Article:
Jeremy Berg received his B.S. and M.S. degrees in Chemistry from Stanford and his Ph.D. in Inorganic Chemistry from Harvard. He then became a Postdoctoral Fellow in the Department of Biophysics at Johns Hopkins University School of Medicine. He started his independent career as an Assistant Professor in the Department of Chemistry at Johns Hopkins University in 1986. After four years, he was recruited back to the School of Medicine as Professor and Director of the Department of Biophysics and Biophysical Chemistry.
He remained in this position until 2003 when he moved to become the Director of the National Institute of General Medical Sciences (NIGMS) at the NIH. He oversaw a budget of approximately $2 billion per year focused primarily on basic biomedical research and research training. He led a wide range of trans-NIH activities including the NIH Director’s Pioneer and New Innovator Award programs. He also pushed NIH to become substantially more transparent and opened up new lines of communication between the NIH and the scientific community, including through social media, particularly the NIH’s first director’s blog, The NIGMS Feedback Loop.
He served at NIH until July 2011 when he moved with his wife Wendie Berg, M.D., Ph.D., a leading breast imaging researcher, to the University of Pittsburgh. He became Associate Senior Vice Chancellor for Science Strategy and Planning in the Health Sciences as well as Professor of Computational and Systems Biology. In 2013, he became the founding director of the University of Pittsburgh Institute for Personalized Medicine. In 2016, Jeremy moved back to Washington to serve as the editor-in-chief of Science Magazine.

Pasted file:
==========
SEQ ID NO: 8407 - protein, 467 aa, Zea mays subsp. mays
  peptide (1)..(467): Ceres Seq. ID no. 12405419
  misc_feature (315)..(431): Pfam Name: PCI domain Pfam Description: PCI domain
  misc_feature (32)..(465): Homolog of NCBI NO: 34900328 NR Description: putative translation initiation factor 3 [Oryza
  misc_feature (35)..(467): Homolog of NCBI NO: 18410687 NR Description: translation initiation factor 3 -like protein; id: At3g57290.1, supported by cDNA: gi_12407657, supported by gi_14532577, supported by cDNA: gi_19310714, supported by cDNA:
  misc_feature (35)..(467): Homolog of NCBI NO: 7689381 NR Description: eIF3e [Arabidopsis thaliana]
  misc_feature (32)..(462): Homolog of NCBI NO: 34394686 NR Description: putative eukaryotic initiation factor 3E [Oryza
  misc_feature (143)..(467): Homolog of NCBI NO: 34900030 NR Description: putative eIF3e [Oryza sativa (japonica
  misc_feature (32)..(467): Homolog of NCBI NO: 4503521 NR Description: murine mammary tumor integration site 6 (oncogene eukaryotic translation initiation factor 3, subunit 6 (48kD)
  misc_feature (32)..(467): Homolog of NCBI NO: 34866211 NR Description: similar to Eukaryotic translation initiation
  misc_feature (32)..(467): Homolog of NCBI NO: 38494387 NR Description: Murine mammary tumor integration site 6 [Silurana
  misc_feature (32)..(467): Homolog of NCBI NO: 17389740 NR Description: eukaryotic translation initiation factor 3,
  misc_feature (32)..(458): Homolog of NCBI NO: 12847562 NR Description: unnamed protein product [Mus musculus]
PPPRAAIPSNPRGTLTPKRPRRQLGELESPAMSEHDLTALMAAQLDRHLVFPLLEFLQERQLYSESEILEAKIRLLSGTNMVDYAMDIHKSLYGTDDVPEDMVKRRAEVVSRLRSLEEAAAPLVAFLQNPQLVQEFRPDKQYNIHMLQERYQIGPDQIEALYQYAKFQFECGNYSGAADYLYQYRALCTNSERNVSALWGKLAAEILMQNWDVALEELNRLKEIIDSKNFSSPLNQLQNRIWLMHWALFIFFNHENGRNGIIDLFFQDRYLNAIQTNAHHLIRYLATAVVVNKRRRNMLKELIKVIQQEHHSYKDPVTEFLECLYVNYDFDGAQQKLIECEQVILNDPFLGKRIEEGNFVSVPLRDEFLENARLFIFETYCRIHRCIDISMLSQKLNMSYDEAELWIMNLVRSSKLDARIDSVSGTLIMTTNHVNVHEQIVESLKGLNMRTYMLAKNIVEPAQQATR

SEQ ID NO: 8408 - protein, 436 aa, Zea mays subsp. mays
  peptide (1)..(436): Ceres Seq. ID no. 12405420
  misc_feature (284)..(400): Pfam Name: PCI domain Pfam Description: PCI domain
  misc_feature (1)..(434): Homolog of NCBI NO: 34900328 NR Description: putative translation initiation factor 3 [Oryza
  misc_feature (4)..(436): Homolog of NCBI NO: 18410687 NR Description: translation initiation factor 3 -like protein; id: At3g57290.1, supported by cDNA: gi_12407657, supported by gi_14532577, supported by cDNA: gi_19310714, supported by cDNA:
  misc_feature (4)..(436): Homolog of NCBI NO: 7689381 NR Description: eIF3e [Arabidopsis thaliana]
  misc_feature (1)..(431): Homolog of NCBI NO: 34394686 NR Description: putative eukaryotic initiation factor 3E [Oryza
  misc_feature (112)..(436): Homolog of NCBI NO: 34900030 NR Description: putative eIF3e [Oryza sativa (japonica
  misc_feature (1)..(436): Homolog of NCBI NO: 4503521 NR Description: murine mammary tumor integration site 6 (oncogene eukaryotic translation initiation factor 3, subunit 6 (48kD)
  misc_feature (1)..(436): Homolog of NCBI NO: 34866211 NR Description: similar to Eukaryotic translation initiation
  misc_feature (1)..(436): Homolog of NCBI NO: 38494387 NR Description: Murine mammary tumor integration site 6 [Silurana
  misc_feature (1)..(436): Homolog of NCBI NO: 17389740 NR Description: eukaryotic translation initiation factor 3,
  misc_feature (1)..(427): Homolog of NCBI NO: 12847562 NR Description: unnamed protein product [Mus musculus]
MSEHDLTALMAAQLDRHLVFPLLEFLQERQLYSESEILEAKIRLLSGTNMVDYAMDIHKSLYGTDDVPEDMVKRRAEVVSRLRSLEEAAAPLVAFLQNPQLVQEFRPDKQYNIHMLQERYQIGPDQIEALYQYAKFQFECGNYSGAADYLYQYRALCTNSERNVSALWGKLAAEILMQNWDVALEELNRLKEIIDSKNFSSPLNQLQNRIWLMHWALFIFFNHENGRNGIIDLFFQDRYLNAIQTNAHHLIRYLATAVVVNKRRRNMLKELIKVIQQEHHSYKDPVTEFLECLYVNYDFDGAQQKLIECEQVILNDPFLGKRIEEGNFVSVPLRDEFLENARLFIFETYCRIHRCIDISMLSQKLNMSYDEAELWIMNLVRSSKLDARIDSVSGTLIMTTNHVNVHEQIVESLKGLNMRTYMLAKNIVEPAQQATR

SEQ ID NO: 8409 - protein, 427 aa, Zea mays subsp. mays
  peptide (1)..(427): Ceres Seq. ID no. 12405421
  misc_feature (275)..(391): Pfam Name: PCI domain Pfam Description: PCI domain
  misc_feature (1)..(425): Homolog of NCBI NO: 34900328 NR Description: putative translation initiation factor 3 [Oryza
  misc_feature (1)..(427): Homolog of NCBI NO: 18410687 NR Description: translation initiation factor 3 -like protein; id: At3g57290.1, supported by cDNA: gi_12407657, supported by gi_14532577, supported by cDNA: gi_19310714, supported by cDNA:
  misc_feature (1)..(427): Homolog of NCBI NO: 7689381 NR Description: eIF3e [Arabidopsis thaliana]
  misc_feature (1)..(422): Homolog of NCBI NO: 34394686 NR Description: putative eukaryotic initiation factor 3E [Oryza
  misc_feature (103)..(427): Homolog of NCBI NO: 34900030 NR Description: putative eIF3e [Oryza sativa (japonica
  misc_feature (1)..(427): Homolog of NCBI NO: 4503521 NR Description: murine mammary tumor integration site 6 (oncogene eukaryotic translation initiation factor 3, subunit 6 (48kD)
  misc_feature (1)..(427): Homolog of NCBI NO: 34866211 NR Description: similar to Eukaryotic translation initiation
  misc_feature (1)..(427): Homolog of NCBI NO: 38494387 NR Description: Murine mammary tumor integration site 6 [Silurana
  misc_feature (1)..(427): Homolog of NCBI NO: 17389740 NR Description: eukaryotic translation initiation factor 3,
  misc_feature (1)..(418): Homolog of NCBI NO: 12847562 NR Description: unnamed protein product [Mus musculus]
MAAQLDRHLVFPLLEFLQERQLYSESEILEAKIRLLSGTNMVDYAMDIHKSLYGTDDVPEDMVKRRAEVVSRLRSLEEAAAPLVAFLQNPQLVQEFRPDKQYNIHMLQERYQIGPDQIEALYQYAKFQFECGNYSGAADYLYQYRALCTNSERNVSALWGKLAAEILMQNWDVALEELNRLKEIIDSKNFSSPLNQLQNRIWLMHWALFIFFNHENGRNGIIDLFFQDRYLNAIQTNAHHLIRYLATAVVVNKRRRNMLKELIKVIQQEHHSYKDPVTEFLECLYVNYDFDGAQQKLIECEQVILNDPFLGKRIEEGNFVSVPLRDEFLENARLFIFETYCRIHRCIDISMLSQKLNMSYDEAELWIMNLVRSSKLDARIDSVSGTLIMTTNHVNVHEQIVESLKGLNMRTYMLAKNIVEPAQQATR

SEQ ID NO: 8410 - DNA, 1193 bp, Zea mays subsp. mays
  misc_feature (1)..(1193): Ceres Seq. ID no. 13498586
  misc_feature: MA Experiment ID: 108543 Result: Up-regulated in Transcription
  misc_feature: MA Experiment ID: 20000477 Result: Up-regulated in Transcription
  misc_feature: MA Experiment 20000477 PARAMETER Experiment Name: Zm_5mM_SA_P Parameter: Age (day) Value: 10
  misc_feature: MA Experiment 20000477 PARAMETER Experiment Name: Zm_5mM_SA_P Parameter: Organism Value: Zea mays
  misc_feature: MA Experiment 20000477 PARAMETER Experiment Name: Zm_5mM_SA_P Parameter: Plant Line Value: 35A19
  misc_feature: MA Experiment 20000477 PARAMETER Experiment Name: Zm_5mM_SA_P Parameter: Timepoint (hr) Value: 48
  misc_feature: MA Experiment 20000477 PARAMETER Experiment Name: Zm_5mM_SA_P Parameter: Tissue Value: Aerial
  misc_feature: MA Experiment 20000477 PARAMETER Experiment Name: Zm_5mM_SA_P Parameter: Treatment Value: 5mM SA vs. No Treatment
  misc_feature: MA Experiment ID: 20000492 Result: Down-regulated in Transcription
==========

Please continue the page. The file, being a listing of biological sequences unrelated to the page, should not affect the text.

His research interests include the roles of zinc in proteins including zinc finger proteins, the mechanisms and systems biology of protein targeting to peroxisomes, and the development of detailed thermodynamic understanding of molecular recognition processes. He is the co-author of more than 130 scientific publications, four textbooks (including four editions of the Biochemistry textbook first written by Lubert Stryer) and a book on how best to interact with NIH, written with Michelle Kienholz.
He has been recognized for his accomplishments with awards including the American Chemical Society Award in Pure Chemistry, the Eli Lilly Award for Fundamental Research in Biological Chemistry, the Barry Wood Award for Preclinical Teaching, the Graduate Student Teaching Award at Johns Hopkins School of Medicine, selection as a Fellow of the American Association for the Advancement of Science, election to the Institute of Medicine of the National Academy of Sciences and public service awards from the Biophysical Society, the American Society for Biochemistry and Molecular Biology, the American Chemical Society, and the American Society for Cell Biology. He served as President of the American Society for Biochemistry and Molecular Biology from 2011-2013. He continues to be active in science policy including through his blogs Datahound and Sciencehound. He can be reached at email@example.com and @jeremymberg.